The Sierra Club is a nationwide environmental group that has been fighting to conserve nature throughout the entire country. This group has been around for over a century. The John Muir chapter is important to this state as it is named after Wisconsin native and first president of the Sierra Club; John Muir. Muir's family moved to Wisconsin, where they lived and worked on their farm; Fountain Lake Farm. When he grew up, he attended the University of Wisconsin. Eventually, Muir made his way over to California where he formed the Sierra Club in 1892, whose mission was to explore, enjoy, and protect the wild places of the earth; to practice and promote the responsible use of the earth's ecosystems and resources; to educate and enlist humanity to protect and restore the quality of the natural and human environment; and to use all lawful means to carry out those objectives. [3] This particular chapter of the Sierra Club was formed in 1963 by Norm O'Neill and aims to uphold the original mission within the state of Wisconsin. Members in Wisconsin are at around 15,000 as of 2015.

Aldo Leopold Foundation

This foundation was created in 1982 by the five children of the titular Aldo Leopold, and its mission is to foster the land ethic through the legacy of Aldo Leopold. [4] The Aldo Leopold Foundation is located in Baraboo, Wisconsin. The foundation works hard to inform the visitors of its Leopold Center, which opened in 2007, that the ethical use of land is an important value to incorporate into our lives. One of their learning opportunities involves visitors going to the Leopold Family Shack and Farm, which Leopold famously bought back in 1935.[5] He wanted to turn a rundown farm into a workable one by restoring the deserted land back to a state where it could function. Leopold also fixed up a deserted chicken coop which he and his family referred to as "the Shack." These actions were not only an inspiration for his children to form this foundation, but also the topic of Aldo Leopold's famous book A Sand County Almanac.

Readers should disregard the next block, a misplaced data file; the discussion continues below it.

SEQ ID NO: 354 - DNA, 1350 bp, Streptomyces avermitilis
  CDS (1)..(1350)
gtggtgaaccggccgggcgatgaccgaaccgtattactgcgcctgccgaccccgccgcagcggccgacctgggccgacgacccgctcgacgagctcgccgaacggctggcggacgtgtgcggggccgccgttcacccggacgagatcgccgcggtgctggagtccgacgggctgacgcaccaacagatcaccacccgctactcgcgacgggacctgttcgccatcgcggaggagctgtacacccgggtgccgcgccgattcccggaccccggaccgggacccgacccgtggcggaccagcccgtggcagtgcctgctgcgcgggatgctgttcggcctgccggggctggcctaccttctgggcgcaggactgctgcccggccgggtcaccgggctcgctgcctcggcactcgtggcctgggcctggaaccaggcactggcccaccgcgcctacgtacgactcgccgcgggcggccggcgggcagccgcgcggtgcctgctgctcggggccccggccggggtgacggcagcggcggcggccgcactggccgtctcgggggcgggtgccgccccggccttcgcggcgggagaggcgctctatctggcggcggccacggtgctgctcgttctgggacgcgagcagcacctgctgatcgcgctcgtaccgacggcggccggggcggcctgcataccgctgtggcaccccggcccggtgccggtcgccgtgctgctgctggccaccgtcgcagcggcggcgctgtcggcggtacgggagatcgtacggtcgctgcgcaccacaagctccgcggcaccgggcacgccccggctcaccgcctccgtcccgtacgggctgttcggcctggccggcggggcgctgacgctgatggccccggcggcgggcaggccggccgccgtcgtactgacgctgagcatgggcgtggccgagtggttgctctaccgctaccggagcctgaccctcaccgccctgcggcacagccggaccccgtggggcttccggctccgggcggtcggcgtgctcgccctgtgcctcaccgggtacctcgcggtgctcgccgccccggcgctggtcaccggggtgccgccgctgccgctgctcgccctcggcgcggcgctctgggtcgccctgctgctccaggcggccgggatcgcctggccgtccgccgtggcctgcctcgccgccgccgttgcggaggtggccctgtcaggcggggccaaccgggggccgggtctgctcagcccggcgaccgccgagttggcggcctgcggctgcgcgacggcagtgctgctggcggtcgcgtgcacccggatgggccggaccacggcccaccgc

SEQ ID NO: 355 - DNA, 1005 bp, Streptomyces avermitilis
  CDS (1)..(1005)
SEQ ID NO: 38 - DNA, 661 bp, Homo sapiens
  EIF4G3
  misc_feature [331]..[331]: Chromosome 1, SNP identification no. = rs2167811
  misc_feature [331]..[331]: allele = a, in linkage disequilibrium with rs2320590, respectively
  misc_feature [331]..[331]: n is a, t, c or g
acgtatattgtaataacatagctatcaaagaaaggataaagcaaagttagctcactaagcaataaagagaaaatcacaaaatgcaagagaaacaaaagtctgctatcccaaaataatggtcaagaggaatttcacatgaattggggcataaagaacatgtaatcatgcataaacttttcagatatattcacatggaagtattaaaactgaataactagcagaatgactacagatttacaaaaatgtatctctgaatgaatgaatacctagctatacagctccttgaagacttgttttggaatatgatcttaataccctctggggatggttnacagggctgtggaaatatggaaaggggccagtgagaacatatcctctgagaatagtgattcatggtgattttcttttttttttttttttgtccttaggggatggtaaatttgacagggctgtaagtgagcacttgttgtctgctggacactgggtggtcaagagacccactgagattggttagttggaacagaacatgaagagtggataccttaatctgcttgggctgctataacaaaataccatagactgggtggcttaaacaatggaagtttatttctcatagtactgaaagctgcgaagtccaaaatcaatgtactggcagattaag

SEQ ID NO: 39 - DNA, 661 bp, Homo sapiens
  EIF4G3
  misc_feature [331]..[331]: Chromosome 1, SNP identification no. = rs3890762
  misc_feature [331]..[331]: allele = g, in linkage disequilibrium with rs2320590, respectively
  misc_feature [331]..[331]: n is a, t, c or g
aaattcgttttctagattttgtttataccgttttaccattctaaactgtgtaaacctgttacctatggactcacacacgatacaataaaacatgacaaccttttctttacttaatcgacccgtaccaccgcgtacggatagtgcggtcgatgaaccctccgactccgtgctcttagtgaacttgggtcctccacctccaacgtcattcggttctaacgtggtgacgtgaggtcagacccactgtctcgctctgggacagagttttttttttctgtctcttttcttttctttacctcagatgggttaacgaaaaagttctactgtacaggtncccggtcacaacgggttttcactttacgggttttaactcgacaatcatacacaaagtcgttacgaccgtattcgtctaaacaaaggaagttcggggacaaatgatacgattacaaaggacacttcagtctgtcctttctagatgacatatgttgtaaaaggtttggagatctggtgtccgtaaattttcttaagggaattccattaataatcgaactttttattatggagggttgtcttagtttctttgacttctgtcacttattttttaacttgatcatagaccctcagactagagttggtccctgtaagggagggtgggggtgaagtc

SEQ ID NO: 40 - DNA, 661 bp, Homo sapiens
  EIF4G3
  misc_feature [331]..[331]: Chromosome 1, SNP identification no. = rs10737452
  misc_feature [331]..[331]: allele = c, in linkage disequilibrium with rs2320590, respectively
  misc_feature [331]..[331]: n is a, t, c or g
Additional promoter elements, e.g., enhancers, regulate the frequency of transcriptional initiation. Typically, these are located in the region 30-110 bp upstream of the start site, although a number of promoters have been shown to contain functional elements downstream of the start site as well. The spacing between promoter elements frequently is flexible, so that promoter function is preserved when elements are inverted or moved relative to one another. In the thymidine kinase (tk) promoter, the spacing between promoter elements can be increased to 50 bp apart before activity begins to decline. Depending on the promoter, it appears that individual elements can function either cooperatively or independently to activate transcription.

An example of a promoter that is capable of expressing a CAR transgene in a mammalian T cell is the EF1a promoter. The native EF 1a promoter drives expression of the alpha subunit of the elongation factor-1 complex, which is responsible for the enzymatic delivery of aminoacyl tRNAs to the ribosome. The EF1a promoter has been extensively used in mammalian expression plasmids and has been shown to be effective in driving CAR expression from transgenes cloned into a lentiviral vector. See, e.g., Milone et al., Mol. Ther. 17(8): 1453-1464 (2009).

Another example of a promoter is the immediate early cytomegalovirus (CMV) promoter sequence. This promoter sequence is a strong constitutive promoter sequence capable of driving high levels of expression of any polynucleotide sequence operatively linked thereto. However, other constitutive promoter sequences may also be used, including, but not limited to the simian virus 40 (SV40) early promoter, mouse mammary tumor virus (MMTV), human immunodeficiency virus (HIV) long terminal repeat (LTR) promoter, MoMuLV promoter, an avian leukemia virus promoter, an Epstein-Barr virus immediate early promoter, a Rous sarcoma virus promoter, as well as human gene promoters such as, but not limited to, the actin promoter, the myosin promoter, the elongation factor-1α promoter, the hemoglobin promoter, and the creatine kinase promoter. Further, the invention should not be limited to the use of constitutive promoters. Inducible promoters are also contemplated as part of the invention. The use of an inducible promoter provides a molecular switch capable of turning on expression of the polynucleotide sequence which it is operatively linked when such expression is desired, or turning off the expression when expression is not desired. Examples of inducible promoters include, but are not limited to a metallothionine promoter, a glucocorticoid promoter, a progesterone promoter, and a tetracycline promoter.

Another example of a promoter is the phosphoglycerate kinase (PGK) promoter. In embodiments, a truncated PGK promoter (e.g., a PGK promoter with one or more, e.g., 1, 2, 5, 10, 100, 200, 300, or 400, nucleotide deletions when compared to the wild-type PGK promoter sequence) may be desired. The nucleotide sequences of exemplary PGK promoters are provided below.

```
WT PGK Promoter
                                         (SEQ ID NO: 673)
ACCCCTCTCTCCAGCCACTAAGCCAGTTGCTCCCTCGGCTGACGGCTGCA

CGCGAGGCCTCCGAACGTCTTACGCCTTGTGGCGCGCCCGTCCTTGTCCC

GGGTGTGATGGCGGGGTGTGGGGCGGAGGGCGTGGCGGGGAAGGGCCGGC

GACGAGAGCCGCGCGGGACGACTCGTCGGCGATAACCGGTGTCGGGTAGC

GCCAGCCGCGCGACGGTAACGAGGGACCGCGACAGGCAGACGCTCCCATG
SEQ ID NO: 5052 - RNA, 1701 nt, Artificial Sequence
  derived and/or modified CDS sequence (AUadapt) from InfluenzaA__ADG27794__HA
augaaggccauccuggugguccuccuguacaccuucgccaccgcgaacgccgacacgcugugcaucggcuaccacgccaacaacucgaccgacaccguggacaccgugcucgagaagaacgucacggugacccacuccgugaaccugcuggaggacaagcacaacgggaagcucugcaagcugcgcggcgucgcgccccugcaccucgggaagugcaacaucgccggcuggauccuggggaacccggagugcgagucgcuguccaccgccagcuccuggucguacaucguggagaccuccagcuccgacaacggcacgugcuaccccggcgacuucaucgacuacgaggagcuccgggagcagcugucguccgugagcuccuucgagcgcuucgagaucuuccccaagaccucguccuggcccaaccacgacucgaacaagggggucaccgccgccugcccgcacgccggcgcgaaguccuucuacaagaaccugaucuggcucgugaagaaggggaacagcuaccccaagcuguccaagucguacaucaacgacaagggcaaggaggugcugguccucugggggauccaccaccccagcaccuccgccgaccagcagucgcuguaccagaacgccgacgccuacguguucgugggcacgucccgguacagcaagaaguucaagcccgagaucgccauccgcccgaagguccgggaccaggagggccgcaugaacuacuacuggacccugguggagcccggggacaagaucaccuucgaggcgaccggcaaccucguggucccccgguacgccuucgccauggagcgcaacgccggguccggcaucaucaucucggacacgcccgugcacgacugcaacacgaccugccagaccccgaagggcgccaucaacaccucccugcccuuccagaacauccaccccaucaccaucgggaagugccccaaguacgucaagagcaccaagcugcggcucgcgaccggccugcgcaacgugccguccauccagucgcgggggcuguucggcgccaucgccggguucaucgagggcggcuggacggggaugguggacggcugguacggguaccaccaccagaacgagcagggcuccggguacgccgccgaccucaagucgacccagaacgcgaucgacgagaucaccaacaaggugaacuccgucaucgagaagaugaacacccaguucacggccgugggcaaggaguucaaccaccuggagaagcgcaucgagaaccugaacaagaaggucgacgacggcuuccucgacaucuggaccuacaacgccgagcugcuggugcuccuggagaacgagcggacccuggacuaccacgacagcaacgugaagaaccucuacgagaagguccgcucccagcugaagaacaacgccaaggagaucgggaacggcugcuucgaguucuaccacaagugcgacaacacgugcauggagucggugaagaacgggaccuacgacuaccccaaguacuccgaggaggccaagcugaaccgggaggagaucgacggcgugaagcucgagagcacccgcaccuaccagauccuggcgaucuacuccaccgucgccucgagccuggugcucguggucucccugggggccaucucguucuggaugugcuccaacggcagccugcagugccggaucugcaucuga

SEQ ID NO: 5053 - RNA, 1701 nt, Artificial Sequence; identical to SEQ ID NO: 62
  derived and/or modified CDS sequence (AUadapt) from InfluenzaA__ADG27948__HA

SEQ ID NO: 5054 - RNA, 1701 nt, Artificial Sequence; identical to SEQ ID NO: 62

River Alliance of Wisconsin

The River Alliance of Wisconsin is a statewide group whose goal is to protect the waterways that run through the state. They work together with local groups to preserve and improve the rivers and watersheds in Wisconsin. This group is relatively new to the state, as their first meeting occurred in 1993.[6] They make sure to promote the importance and power that individual citizens can have within their communities. The group then wants those citizens to stand up for their rivers and lakes by joining the River Alliance of Wisconsin, and they want those citizens to get their opinions out in the open.

References

  1. Richard Brewer. Conservancy: The Land Trust Movement in America. Lebanon: University Press of New England, 2003.
  2. Audubon. "History of Audubon and Science-based Bird Conservation." Accessed December 6, 2015, http://audubon.org/content/history-audubon-and-waterbird-conservation.
  3. Sierra Club. "About Us: Sierra Club: John Muir Chapter." Accessed December 3, 2015, http://www.sierraclub.org/wisconsin/about-us.
  4. Aldo Leopold Foundation. "About the Foundation." Accessed December 8,2015, http://www.aldoleopold.org/About/foundation.shtml.
  5. Aldo Leopold Foundation. "Leopold Family Shack and Farm." Accessed December 8, 2015, http://www.aldoleopold.org/Programs/shack.shtml.
  6. River Alliance of Wisconsin. "About Us/Our History." Accessed December 3, 2015, http://www.wisconsinrivers.org/about-us/history.